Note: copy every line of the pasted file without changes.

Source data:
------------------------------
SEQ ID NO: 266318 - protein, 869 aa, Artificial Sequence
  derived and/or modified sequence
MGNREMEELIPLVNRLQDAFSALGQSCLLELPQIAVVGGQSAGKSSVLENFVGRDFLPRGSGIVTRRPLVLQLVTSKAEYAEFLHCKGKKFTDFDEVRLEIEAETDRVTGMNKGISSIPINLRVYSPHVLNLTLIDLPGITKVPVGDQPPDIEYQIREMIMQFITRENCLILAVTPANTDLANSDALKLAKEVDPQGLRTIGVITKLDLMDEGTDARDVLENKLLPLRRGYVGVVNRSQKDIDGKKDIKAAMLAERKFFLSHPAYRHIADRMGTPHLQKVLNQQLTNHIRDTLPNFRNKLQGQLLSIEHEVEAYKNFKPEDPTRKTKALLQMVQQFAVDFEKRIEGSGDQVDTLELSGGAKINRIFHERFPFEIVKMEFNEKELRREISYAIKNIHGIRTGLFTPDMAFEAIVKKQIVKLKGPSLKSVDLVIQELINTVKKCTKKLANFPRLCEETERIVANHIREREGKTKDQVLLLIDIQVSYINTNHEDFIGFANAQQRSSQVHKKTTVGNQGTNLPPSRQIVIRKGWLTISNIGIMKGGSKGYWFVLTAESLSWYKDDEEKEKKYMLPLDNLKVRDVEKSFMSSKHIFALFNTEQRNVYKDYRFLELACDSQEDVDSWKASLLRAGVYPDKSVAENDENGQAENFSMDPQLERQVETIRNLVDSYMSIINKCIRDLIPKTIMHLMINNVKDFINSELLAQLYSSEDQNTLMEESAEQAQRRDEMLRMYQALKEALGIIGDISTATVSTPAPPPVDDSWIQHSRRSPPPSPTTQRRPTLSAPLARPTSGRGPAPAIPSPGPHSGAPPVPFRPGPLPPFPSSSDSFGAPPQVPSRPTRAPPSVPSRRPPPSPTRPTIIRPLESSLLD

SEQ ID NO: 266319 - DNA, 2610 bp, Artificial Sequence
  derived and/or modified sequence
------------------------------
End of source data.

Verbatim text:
SEQ ID NO: 266318 - protein, 869 aa, Artificial Sequence
  derived and/or modified sequence
MGNREMEELIPLVNRLQDAFSALGQSCLLELPQIAVVGGQSAGKSSVLENFVGRDFLPRGSGIVTRRPLVLQLVTSKAEYAEFLHCKGKKFTDFDEVRLEIEAETDRVTGMNKGISSIPINLRVYSPHVLNLTLIDLPGITKVPVGDQPPDIEYQIREMIMQFITRENCLILAVTPANTDLANSDALKLAKEVDPQGLRTIGVITKLDLMDEGTDARDVLENKLLPLRRGYVGVVNRSQKDIDGKKDIKAAMLAERKFFLSHPAYRHIADRMGTPHLQKVLNQQLTNHIRDTLPNFRNKLQGQLLSIEHEVEAYKNFKPEDPTRKTKALLQMVQQFAVDFEKRIEGSGDQVDTLELSGGAKINRIFHERFPFEIVKMEFNEKELRREISYAIKNIHGIRTGLFTPDMAFEAIVKKQIVKLKGPSLKSVDLVIQELINTVKKCTKKLANFPRLCEETERIVANHIREREGKTKDQVLLLIDIQVSYINTNHEDFIGFANAQQRSSQVHKKTTVGNQGTNLPPSRQIVIRKGWLTISNIGIMKGGSKGYWFVLTAESLSWYKDDEEKEKKYMLPLDNLKVRDVEKSFMSSKHIFALFNTEQRNVYKDYRFLELACDSQEDVDSWKASLLRAGVYPDKSVAENDENGQAENFSMDPQLERQVETIRNLVDSYMSIINKCIRDLIPKTIMHLMINNVKDFINSELLAQLYSSEDQNTLMEESAEQAQRRDEMLRMYQALKEALGIIGDISTATVSTPAPPPVDDSWIQHSRRSPPPSPTTQRRPTLSAPLARPTSGRGPAPAIPSPGPHSGAPPVPFRPGPLPPFPSSSDSFGAPPQVPSRPTRAPPSVPSRRPPPSPTRPTIIRPLESSLLD

SEQ ID NO: 266319 - DNA, 2610 bp, Artificial Sequence
  derived and/or modified sequence